JC: As I stated above, at least for now, Cutler and Martz look to be on the same page thus far and can't stop praising each other every time the cameras are rolling. Cutler loves Martz's aggressive philosophy and seems to be taking to it hook, line and sinker, while Martz is just as impressed with Cutler the person as he is Cutler the quarterback – why, I have no idea, as most of the Chicago media has always found No. 6 to be incredibly unlikeable. Nevertheless, as you are implying, we'll see how much hugging and kissing goes on the first time Cutler throws four interceptions, the Bears lose a winnable game as a result and the fans boo them mercilessly.
Getting back to what the actual game plan may be Sunday, I'm pretty confident the Bears will throw the ball early and often to take full advantage of a Detroit secondary that continues to be shaky year after year, coupled with a fair amount of rolling-pocket stuff to mask some of the protection issues the offensive line had in the preseason.
NC: Olin Kreutz isn't getting any younger, and the Bears' offensive line is anything but solid. Can they give Cutler the adequate protection needed in a Martz system, including in Sunday's tilt against an improved Lions' defensive line?
JC: We had Lions quarterback Matthew Stafford on conference call Wednesday at Halas Hall, and when I asked about the confidence he has in his unproven offensive line, he pointed out the fact that he was only sacked once the entire preseason – Cutler, conversely, was sacked 10 times. Maybe Cutler was holding on to the ball too long, maybe the receivers weren't getting open and maybe the lack of game-planning for exhibition contests exposed him too much, but it's impossible to deny that the blocking up front has been below par since the Super Bowl campaign of 2006 and doesn't appear to be any better right now. While all five players are familiar names for Bears fans, four of the five positions will have new starters, with the aforementioned Kreutz being the only holdover at center.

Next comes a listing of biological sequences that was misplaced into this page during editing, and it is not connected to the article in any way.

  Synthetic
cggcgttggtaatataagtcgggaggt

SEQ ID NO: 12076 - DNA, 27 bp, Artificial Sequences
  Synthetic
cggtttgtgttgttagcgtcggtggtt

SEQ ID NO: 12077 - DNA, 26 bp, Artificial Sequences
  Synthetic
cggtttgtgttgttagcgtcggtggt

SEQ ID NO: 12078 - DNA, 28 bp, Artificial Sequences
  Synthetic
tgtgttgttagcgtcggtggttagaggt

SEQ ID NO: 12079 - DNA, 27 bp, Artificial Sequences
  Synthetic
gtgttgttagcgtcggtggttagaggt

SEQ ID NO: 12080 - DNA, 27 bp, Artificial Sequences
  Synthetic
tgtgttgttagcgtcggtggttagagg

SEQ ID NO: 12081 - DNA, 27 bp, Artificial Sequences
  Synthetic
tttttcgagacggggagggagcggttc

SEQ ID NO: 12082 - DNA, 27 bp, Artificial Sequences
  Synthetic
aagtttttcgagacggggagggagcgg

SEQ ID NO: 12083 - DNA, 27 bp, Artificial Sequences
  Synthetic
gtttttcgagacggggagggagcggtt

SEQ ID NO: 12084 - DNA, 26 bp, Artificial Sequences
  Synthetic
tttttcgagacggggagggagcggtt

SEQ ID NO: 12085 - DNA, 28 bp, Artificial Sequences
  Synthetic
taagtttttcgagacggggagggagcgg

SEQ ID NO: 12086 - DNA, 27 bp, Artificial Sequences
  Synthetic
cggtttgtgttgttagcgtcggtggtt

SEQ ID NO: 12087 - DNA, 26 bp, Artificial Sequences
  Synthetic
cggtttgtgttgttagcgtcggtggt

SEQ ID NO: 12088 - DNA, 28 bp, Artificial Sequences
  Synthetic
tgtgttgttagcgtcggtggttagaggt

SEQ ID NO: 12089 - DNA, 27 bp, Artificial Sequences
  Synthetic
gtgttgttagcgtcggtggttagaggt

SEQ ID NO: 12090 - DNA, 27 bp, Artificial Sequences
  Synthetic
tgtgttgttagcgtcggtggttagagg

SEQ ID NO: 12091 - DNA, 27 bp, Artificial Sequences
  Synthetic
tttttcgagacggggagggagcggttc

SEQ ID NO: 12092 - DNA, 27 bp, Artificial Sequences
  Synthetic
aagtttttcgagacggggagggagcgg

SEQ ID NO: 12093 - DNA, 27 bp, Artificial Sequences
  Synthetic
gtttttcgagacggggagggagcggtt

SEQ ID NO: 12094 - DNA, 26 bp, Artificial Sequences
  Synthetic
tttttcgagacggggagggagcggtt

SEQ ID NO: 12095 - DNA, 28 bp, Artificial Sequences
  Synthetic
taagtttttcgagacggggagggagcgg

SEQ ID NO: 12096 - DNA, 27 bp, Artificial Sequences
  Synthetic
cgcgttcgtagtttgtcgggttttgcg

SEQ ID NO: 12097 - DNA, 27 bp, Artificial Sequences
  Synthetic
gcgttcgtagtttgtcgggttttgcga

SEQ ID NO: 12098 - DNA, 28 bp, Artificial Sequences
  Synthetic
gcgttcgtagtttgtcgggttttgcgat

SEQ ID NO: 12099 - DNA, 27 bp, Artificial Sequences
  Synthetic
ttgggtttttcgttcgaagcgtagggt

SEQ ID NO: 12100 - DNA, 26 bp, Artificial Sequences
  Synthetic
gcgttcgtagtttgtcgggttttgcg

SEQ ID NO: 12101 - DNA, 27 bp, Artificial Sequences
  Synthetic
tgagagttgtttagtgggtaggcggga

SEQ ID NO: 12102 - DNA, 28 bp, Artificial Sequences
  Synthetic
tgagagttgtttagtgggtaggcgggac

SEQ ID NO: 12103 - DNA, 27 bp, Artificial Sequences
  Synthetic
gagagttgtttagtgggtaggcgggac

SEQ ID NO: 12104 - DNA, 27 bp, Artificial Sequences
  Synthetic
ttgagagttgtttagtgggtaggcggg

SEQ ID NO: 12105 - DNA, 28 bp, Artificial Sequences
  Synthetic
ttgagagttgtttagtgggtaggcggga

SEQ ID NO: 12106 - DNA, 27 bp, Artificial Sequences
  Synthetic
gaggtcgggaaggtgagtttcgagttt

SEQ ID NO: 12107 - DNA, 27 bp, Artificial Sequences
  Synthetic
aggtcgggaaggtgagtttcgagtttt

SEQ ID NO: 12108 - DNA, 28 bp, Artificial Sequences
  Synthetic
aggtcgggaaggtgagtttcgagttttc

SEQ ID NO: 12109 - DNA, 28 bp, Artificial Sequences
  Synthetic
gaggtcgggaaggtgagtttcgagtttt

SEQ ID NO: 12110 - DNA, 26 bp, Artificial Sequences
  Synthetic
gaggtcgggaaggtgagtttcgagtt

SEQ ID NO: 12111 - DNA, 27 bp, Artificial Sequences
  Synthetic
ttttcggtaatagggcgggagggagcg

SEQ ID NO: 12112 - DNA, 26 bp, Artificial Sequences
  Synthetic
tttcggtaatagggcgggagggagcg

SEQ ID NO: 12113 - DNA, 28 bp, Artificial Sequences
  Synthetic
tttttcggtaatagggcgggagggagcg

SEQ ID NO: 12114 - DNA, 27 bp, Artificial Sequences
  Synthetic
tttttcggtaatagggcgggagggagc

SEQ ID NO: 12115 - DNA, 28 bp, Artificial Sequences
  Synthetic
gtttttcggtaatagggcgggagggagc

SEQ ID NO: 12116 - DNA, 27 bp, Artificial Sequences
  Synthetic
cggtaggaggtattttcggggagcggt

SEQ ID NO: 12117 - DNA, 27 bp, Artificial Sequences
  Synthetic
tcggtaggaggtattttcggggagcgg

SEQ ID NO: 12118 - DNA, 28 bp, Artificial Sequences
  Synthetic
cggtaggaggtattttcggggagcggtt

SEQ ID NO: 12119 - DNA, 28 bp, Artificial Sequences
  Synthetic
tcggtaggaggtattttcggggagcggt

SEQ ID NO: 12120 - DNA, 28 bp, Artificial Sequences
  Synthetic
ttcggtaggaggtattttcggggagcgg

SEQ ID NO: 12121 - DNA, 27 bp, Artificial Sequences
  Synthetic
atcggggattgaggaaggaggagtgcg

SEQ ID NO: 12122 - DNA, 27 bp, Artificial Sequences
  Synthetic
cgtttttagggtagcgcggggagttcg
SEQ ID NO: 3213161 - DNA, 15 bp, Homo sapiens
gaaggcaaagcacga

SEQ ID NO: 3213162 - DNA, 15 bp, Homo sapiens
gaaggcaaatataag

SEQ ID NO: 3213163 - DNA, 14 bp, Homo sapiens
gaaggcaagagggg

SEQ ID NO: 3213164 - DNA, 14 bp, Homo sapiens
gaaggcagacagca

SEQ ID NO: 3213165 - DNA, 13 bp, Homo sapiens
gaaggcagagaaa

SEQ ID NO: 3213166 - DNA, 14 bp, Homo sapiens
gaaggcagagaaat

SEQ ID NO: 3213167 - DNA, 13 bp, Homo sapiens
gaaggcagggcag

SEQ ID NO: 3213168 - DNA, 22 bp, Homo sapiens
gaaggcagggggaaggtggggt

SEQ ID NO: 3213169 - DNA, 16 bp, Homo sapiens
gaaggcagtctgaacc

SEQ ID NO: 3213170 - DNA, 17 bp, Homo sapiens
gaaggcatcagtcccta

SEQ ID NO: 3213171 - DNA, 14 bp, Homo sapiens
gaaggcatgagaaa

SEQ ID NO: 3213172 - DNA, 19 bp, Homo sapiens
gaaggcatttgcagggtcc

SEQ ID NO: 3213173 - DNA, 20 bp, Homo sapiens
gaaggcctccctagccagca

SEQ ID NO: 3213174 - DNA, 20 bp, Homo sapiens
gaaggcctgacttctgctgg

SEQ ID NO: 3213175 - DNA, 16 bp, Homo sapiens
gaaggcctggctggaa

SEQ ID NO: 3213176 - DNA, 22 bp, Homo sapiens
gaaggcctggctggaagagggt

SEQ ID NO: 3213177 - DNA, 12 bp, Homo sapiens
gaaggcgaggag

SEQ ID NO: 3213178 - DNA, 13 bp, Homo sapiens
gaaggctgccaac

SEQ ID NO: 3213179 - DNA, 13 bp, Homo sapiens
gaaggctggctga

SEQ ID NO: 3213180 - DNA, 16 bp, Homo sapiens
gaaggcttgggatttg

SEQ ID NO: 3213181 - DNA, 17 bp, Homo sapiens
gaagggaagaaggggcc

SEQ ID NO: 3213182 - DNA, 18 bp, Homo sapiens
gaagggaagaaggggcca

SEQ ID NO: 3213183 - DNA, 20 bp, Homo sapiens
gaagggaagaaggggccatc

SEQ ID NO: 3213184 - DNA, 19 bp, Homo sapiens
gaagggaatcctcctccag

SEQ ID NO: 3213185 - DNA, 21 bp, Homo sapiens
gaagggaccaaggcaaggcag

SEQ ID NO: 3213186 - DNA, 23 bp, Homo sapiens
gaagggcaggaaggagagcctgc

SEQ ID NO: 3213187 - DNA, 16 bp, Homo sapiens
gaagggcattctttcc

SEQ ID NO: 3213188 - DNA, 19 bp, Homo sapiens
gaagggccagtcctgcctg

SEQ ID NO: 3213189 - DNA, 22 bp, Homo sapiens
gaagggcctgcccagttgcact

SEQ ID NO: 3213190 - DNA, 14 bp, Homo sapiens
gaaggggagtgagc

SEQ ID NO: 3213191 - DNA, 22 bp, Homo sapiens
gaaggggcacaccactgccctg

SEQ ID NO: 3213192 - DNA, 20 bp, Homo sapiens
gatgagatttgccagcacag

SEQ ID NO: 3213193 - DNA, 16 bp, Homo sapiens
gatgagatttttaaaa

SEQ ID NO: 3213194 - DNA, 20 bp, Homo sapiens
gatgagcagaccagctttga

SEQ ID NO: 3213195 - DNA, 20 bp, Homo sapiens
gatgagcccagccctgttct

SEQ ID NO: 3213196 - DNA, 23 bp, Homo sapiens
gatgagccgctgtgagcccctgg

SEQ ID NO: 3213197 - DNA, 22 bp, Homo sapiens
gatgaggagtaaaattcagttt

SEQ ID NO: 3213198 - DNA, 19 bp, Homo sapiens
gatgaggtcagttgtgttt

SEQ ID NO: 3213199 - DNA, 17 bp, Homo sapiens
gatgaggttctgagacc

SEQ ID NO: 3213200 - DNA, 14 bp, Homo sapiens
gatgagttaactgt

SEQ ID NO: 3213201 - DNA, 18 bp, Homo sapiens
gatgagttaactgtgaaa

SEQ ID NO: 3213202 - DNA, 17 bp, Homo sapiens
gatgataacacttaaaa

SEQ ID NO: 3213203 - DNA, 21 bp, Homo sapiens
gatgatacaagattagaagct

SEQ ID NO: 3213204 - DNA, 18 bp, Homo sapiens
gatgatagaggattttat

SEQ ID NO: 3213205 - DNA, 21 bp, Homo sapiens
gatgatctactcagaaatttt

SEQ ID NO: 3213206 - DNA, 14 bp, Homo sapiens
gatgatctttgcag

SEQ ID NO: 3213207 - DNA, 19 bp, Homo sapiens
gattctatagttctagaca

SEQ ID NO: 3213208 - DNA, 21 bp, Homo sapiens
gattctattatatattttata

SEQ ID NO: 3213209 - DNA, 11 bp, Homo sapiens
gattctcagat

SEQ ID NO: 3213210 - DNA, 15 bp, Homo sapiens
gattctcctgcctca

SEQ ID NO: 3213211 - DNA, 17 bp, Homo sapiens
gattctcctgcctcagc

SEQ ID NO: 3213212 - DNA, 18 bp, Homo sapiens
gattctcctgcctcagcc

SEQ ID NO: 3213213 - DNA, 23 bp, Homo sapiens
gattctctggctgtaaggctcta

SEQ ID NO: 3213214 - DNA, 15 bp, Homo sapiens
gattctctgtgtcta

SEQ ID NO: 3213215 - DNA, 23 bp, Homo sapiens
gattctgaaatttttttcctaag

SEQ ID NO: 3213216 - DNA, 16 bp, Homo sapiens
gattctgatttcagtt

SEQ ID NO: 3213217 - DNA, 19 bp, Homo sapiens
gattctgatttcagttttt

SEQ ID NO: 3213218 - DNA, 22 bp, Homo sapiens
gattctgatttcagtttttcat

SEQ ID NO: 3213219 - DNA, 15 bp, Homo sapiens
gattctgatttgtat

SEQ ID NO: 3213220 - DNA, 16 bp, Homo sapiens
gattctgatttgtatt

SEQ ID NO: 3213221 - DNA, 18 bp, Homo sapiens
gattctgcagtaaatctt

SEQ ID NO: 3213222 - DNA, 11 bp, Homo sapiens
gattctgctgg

Smith says the hiring of Mike Tice should go a long way in helping Chicago become a better blocking team in the trenches, although the same thing was said about Marinelli and the pass rush last season, with minimal improvement to show for it.
NC: Lions fans would love to have their team depart the confines of the NFC North cellar. The only problem is that Green Bay and Minnesota seem to have the top two spots locked up. Even with the addition of a player like Julius Peppers and a revamped offensive strategy, do you anticipate Chicago finishing above or below the .500 mark?
JC: The Bears were a 7-9 team a year ago, and even though I firmly believe they are currently better on both sides of the ball in terms of personnel, they may not win any more games because of the strength of the division and their schedule overall. The Vikings were one step shy of the Super Bowl last season and continue to have an embarrassment of riches talent-wise, and this season Green Bay is a trendy pick to go all the way – Packers quarterback Aaron Rodgers is my pick for MVP, by the way. As you know, the NFC North plays both the NFC East and the AFC East this time around, with both looking to be much more competitive than, say, the AFC West.
I'm not going to unveil my official prediction until Friday at BearReport.com, but if you combine one part porous offensive line, two parts merry go-round at safety and three parts killer schedule, you can probably detect which direction I'm leaning on Chicago's postseason hopes.
Be on the lookout for Part III of this Behind Enemy Lines series on Friday. To go back and read Part, where Nate answered five questions from John, Click Here.
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Behind Enemy Lines: Part II